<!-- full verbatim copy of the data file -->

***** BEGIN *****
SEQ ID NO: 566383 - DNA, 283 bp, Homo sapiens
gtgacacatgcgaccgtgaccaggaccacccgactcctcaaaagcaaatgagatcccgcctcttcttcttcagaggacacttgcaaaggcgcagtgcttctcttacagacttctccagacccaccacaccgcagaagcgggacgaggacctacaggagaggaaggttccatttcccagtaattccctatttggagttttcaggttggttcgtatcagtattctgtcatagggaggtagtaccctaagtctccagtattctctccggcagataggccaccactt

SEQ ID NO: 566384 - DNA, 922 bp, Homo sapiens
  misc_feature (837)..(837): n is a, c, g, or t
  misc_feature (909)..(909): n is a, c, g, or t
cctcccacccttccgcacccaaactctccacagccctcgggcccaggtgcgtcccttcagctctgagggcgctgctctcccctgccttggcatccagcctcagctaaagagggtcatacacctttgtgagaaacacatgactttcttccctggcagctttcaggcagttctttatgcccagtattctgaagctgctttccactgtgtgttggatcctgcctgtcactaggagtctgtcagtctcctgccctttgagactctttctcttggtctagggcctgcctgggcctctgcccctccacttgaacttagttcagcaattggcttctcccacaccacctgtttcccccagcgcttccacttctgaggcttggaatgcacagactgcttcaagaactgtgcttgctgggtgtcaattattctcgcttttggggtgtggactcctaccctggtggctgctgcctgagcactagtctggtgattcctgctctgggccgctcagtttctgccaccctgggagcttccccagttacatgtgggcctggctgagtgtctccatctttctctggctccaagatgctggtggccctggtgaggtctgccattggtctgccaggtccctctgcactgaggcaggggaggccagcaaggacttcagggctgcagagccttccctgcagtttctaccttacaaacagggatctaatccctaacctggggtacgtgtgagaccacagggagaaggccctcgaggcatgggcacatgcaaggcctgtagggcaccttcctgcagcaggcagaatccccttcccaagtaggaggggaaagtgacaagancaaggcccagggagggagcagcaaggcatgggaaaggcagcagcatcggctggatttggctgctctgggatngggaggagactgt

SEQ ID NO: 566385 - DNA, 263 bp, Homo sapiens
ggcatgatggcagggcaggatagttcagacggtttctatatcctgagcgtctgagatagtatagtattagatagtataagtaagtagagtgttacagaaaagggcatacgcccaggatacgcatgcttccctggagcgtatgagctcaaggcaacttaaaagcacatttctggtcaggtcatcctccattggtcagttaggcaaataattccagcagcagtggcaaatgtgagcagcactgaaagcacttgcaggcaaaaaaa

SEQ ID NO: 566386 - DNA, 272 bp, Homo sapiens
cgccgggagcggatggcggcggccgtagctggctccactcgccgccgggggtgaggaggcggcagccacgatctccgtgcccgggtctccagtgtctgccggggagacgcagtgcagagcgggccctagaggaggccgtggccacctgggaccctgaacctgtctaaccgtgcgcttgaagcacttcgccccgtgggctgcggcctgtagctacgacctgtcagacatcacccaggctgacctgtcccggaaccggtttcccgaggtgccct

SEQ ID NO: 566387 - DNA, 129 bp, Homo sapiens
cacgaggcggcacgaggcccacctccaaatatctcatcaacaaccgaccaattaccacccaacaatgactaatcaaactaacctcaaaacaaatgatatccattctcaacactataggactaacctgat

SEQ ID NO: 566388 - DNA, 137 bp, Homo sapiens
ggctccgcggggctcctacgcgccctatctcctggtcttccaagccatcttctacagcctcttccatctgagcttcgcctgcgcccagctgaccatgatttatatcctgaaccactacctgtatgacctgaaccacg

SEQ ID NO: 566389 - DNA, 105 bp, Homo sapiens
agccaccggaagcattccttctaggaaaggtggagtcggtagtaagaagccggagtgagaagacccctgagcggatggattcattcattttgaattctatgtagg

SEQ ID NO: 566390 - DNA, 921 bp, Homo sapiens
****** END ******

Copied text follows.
SEQ ID NO: 566383 - DNA, 283 bp, Homo sapiens
gtgacacatgcgaccgtgaccaggaccacccgactcctcaaaagcaaatgagatcccgcctcttcttcttcagaggacacttgcaaaggcgcagtgcttctcttacagacttctccagacccaccacaccgcagaagcgggacgaggacctacaggagaggaaggttccatttcccagtaattccctatttggagttttcaggttggttcgtatcagtattctgtcatagggaggtagtaccctaagtctccagtattctctccggcagataggccaccactt

SEQ ID NO: 566384 - DNA, 922 bp, Homo sapiens
  misc_feature (837)..(837): n is a, c, g, or t
  misc_feature (909)..(909): n is a, c, g, or t
cctcccacccttccgcacccaaactctccacagccctcgggcccaggtgcgtcccttcagctctgagggcgctgctctcccctgccttggcatccagcctcagctaaagagggtcatacacctttgtgagaaacacatgactttcttccctggcagctttcaggcagttctttatgcccagtattctgaagctgctttccactgtgtgttggatcctgcctgtcactaggagtctgtcagtctcctgccctttgagactctttctcttggtctagggcctgcctgggcctctgcccctccacttgaacttagttcagcaattggcttctcccacaccacctgtttcccccagcgcttccacttctgaggcttggaatgcacagactgcttcaagaactgtgcttgctgggtgtcaattattctcgcttttggggtgtggactcctaccctggtggctgctgcctgagcactagtctggtgattcctgctctgggccgctcagtttctgccaccctgggagcttccccagttacatgtgggcctggctgagtgtctccatctttctctggctccaagatgctggtggccctggtgaggtctgccattggtctgccaggtccctctgcactgaggcaggggaggccagcaaggacttcagggctgcagagccttccctgcagtttctaccttacaaacagggatctaatccctaacctggggtacgtgtgagaccacagggagaaggccctcgaggcatgggcacatgcaaggcctgtagggcaccttcctgcagcaggcagaatccccttcccaagtaggaggggaaagtgacaagancaaggcccagggagggagcagcaaggcatgggaaaggcagcagcatcggctggatttggctgctctgggatngggaggagactgt

SEQ ID NO: 566385 - DNA, 263 bp, Homo sapiens
ggcatgatggcagggcaggatagttcagacggtttctatatcctgagcgtctgagatagtatagtattagatagtataagtaagtagagtgttacagaaaagggcatacgcccaggatacgcatgcttccctggagcgtatgagctcaaggcaacttaaaagcacatttctggtcaggtcatcctccattggtcagttaggcaaataattccagcagcagtggcaaatgtgagcagcactgaaagcacttgcaggcaaaaaaa

SEQ ID NO: 566386 - DNA, 272 bp, Homo sapiens
cgccgggagcggatggcggcggccgtagctggctccactcgccgccgggggtgaggaggcggcagccacgatctccgtgcccgggtctccagtgtctgccggggagacgcagtgcagagcgggccctagaggaggccgtggccacctgggaccctgaacctgtctaaccgtgcgcttgaagcacttcgccccgtgggctgcggcctgtagctacgacctgtcagacatcacccaggctgacctgtcccggaaccggtttcccgaggtgccct

SEQ ID NO: 566387 - DNA, 129 bp, Homo sapiens
cacgaggcggcacgaggcccacctccaaatatctcatcaacaaccgaccaattaccacccaacaatgactaatcaaactaacctcaaaacaaatgatatccattctcaacactataggactaacctgat

SEQ ID NO: 566388 - DNA, 137 bp, Homo sapiens
ggctccgcggggctcctacgcgccctatctcctggtcttccaagccatcttctacagcctcttccatctgagcttcgcctgcgcccagctgaccatgatttatatcctgaaccactacctgtatgacctgaaccacg

SEQ ID NO: 566389 - DNA, 105 bp, Homo sapiens
agccaccggaagcattccttctaggaaaggtggagtcggtagtaagaagccggagtgagaagacccctgagcggatggattcattcattttgaattctatgtagg

SEQ ID NO: 566390 - DNA, 921 bp, Homo sapiens